It was around 8.30 in the morning of the 12th. The first person we met at the hospital was Kristy (or Kirsty), a very nice midwife who asked some questions and inserted the gel-co in Katy’s arm. A gel-co is one of those things that feeds into a vein and has a little tube coming out from it, which ends in an ‘injection jack’ so that different substances can be injected into her without the need for individual needles.


When we got to the hospital Lisa found me a wheel chair and we went to ‘Women’s Assessment’ where we met a crabby nurse, who led us to our room in the labour ward. Luckily she wasn’t going to be our midwife, and we met Kristy who was our cheerful, lovely midwife. She gave me a gown, took my blood, put a gel co in my arm and attached it to a drip with a liquid substance in it to hydrate me. Then we told her we’d rather have an epidural first before a caesarean, and she said she’d organise it straight away and went out the room. We then met the assistant anaesthetist who told us the risks with epidural and what she’ll be doing. I sat on the edge of the bed holding on to Jonah, Kristy and Lisa, with my back curled and head face down on my chest.

When ever I felt a contraction coming on I had to tell the anaesthetist because I wasn’t allowed to move while they were putting the epidural in. It was very hard not to move while she was doing it and having contractions at the same time. She tried several times, but couldn’t find the right spot in my spine. So she went off to get the head anaesthetist to get him to do it. He was much rougher than the girls and didn’t seem to even care that I was in labour. But he did get it in the first time.


First Kristy took blood, and then Katy was administered a salty solution to hydrate her. Sometime after and between contractions we informed someone that we wanted an epidural first and a caesarean only if that failed. Lisa had expected that the hospital would disagree and would want to do a C-section first but they were very good and arranged for the epidural straight away. The anaesthetist arrived and she explained what was involved in an epidural and the risks involved and then got started.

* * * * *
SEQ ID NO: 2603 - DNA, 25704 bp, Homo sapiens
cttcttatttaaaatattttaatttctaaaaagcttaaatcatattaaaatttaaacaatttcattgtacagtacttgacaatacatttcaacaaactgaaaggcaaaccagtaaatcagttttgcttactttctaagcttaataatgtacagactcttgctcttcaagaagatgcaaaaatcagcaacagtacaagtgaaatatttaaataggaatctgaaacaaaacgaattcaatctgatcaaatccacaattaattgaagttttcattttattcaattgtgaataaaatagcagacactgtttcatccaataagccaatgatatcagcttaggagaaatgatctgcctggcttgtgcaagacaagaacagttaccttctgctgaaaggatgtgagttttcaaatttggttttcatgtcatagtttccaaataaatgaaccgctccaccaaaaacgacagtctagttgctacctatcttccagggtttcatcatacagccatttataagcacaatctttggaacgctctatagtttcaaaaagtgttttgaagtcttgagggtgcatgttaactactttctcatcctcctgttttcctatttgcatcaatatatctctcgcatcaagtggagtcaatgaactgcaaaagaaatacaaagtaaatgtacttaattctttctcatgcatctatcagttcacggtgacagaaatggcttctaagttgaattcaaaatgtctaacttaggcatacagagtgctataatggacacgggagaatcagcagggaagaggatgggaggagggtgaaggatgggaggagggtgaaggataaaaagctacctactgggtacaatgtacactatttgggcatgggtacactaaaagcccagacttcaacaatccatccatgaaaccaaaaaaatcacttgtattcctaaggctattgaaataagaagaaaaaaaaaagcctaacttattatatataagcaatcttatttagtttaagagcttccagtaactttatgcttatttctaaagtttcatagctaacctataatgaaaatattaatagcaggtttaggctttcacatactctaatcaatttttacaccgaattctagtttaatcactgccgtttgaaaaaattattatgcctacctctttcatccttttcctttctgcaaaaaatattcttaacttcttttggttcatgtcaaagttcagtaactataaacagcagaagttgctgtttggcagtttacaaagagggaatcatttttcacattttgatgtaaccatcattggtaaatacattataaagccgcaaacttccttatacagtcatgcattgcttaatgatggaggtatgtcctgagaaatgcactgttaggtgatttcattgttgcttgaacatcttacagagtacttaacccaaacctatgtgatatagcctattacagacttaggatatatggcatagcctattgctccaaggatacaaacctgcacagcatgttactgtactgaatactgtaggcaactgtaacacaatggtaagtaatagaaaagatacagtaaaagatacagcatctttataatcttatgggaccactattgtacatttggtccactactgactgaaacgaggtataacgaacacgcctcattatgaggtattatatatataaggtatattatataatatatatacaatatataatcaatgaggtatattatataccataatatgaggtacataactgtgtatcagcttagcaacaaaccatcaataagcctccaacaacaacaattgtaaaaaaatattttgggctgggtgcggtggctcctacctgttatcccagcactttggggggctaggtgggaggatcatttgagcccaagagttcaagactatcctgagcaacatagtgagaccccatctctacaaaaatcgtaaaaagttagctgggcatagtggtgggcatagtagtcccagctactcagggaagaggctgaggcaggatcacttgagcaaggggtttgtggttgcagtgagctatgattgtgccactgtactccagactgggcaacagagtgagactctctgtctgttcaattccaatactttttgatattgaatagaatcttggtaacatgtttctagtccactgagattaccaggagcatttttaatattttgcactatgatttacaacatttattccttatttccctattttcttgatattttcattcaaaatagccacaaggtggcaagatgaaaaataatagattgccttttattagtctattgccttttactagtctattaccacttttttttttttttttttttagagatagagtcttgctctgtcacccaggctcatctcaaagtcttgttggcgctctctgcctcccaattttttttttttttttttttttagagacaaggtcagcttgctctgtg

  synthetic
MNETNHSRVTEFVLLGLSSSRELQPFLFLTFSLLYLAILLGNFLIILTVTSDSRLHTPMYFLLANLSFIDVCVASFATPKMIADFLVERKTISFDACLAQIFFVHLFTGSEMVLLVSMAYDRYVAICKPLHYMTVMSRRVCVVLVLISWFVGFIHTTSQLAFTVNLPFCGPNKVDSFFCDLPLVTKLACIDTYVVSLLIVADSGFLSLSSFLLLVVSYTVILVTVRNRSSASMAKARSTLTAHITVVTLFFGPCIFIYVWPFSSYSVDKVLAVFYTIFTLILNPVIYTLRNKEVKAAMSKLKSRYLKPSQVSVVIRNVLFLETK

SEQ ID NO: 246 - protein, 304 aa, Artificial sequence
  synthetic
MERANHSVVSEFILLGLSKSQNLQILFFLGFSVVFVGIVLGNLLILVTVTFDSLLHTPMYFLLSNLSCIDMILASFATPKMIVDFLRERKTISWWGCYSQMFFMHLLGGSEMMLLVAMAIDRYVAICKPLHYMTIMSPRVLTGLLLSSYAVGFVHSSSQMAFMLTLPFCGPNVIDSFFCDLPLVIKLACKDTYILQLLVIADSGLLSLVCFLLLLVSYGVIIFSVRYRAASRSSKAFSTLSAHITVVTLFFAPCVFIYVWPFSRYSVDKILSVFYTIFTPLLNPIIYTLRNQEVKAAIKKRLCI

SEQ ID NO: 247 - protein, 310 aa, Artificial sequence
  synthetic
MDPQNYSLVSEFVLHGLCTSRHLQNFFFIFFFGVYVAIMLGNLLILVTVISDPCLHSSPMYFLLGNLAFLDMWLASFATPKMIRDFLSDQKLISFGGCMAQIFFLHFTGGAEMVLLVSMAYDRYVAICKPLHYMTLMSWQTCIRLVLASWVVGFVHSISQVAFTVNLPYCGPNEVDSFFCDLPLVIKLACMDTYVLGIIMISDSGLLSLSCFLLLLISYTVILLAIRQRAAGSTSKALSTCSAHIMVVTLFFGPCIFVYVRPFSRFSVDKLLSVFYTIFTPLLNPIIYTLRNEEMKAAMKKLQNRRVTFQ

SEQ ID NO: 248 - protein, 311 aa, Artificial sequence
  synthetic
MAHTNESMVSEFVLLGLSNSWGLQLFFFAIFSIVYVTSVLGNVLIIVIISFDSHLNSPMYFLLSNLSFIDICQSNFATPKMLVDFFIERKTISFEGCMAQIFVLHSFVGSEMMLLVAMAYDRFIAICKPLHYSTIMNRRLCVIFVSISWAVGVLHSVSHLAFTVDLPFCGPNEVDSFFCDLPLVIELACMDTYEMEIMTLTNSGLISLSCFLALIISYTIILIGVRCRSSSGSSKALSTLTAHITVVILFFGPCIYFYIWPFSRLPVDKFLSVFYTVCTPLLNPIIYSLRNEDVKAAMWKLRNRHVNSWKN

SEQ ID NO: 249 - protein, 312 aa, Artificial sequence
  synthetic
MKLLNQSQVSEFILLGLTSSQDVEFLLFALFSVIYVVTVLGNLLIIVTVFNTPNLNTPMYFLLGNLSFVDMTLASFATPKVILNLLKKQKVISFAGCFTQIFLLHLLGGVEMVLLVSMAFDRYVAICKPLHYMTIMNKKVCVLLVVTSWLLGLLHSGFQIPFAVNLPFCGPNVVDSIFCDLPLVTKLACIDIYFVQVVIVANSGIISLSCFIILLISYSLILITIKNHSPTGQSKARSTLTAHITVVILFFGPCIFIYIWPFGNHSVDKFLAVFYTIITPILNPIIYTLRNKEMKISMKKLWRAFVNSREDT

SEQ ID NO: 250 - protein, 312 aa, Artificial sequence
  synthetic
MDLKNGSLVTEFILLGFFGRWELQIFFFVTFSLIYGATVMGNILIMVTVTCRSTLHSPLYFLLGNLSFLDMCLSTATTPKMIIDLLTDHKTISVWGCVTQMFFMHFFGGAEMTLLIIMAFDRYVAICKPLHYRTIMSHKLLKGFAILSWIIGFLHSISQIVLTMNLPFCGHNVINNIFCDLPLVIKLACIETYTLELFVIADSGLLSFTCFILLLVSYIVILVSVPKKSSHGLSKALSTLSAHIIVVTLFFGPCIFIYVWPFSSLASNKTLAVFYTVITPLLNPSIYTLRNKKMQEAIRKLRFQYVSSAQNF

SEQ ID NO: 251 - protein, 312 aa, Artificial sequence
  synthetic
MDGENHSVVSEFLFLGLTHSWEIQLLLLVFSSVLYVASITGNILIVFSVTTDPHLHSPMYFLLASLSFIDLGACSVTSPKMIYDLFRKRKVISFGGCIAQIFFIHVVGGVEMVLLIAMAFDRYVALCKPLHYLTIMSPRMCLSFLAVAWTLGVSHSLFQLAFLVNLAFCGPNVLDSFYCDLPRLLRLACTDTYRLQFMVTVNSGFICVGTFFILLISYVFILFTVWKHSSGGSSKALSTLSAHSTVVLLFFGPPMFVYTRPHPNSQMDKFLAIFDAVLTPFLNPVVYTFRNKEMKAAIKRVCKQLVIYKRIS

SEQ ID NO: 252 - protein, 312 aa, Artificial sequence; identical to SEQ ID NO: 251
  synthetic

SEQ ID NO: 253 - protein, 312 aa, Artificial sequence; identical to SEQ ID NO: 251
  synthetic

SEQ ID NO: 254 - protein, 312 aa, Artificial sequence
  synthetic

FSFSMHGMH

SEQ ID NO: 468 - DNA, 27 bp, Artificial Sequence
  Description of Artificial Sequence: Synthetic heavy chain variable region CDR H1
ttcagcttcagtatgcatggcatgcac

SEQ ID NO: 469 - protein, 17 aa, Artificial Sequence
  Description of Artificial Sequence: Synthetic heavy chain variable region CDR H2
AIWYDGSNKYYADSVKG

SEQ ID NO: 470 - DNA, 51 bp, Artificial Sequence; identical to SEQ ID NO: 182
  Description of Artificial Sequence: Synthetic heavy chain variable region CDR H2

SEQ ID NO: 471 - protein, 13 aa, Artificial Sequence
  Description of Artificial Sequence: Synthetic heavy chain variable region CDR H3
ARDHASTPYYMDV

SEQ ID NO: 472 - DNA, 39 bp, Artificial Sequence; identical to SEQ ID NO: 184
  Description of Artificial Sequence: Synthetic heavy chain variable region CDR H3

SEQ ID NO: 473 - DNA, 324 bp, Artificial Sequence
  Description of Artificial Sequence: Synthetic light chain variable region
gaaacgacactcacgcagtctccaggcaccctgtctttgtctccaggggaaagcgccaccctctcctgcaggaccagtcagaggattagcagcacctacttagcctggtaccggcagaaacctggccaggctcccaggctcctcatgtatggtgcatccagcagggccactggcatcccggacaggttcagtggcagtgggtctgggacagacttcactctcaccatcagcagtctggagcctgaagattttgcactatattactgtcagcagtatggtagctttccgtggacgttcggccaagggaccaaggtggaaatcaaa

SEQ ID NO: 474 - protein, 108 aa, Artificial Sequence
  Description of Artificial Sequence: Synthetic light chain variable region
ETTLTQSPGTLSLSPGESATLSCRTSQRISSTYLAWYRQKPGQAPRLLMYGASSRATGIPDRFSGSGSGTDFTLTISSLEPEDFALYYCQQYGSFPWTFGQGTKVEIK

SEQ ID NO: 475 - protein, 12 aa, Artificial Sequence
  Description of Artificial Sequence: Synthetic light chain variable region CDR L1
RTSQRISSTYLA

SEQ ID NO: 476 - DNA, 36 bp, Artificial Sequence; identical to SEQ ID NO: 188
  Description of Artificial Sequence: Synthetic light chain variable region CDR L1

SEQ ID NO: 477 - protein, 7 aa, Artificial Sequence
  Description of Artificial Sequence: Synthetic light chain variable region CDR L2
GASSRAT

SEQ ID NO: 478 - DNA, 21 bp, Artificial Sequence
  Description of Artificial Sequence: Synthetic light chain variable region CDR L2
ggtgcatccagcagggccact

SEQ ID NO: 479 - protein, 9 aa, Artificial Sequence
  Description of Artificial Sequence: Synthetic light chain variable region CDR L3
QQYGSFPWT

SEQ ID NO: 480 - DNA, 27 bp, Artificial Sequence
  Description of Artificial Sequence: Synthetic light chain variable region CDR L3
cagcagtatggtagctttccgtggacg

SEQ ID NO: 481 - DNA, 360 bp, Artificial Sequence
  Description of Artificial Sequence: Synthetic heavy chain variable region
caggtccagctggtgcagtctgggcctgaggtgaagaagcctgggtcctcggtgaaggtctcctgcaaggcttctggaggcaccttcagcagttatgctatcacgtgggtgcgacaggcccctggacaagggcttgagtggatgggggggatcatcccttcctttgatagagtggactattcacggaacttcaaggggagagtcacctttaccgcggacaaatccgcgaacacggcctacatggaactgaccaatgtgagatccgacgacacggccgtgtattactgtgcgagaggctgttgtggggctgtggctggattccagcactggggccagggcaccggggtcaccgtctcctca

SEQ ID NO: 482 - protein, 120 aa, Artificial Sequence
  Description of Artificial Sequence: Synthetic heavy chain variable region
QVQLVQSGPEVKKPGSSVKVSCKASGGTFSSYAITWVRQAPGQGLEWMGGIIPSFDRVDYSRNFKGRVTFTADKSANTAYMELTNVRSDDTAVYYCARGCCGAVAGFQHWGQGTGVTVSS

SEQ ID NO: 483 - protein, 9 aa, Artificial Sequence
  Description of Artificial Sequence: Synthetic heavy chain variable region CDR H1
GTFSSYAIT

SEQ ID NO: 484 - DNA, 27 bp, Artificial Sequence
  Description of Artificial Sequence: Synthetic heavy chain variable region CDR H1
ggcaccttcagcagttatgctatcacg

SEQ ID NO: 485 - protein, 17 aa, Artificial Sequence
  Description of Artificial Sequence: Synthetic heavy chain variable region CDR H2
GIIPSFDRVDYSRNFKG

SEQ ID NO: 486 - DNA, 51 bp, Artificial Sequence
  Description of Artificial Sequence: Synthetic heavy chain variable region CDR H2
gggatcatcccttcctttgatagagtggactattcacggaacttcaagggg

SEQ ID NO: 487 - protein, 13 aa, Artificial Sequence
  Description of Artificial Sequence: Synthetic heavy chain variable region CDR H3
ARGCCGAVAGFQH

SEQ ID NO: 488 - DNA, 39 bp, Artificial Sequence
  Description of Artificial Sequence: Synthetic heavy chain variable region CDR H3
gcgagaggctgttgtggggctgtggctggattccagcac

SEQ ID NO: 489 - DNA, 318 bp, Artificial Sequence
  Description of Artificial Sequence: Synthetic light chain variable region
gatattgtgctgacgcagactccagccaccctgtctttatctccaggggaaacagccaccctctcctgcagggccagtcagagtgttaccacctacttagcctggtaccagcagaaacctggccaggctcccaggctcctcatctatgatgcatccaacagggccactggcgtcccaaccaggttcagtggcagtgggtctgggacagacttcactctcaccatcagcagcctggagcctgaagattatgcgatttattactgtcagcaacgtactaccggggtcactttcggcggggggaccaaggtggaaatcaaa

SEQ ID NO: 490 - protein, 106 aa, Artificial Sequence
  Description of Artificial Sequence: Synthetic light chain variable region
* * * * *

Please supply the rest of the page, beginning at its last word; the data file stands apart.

They made Katy sit on the bed, the worst position as far as pain in labour goes, and then she was asked to bend forward and arch her back causing more discomfort because of baby. She was quite scared and upset and I sat in front of her and held her hands, I was worried for her and the pain she was in. I felt like things were starting to go badly, Katy was suffering so much and I didn’t want her to. She was scared, I knew that but no one else seemed to have a full appreciation of it.


Then I could relax, I lay down and they strapped monitors to my stomach so they could monitor the baby’s heart beat and my contractions because I could hardly feel them myself with the epidural in. We lay there for a while to wait for the doctor to come so we could talk about what’s been happening and about the possibility of a caesarean. She came straight from her surgery, Doctor Cathy Love. She was very nice and funny. She wanted to do an examination herself, and I was a bit sick of them and knew it hurt, but I let her, and discovered that it was no where near as bad with the epidural.

She discovered the same thing as Lisa, that I was 9 cms dilated. She tried to push the cervix over the baby’s head as well, but couldn’t get it over. She then asked if she could do an ultrasound to have a look at how our baby was lying. So they brought in a machine and put it on my stomach, we could see our baby floating around in there and blowing bubbles and looking quite happy with herself. Cathy said that our baby was not in the normal head down with her back towards my stomach position, instead she was with her back against my back making it more difficult for me to be able to push her out, especially being only 9 cms dilated.

Cathy suggested that we try a drug called Syntocinon to bring the contractions back to how they were before the epidural. The only bad thing about it was that if the baby started to get stressed out and the contractions had pushed the baby out half way through the cervix, we would have to have an emergency caesarean. Everybody left the room to give me and Jonah a chance to talk about what we wanted to do. At any time we could always have an elective caesarean, but we wanted to try everything else before we had to have a caesarean. So we decided to have a round of the Syntocinon. We talked to our baby, telling her what was happening and what we’d decided and thought was right, and asked her to come out before we had no choice but to go with the caesarean. Jonah let everybody back in the room and we told them what we’d decided. So Kristy got us started on the drug. It was a 2 hour round, and since I still had the epidural in and couldn’t feel the contractions, I fell asleep holding Jonahs hand.

We woke up just before the 2 hours was up, it was about 5 pm. Cathy came in not long after we woke up and did another examination only to discover that nothing had changed, except the swelling had gone down. The head doctor, Dr Brian, came in to talk to us and check up on us, and he and Cathy agreed that since our baby had shown no signs of stress at all, it would be ok if we wanted to try another round of Syntocinon. They said that there may be no change, and that if there isn’t after that round we would have to make the decision to do something else. They gave us some time to talk again. We were both crying, and telling each other that it’ll be ok. We talked again to baby, asking her to come out soon. Everyone came back in the room and our new midwife, Susan, gave us the second round of Syntocinon. I had another sleep during the 2 hour round, but Jonah stayed awake with his hand on our baby. The 2 hours were up, and there was still no baby.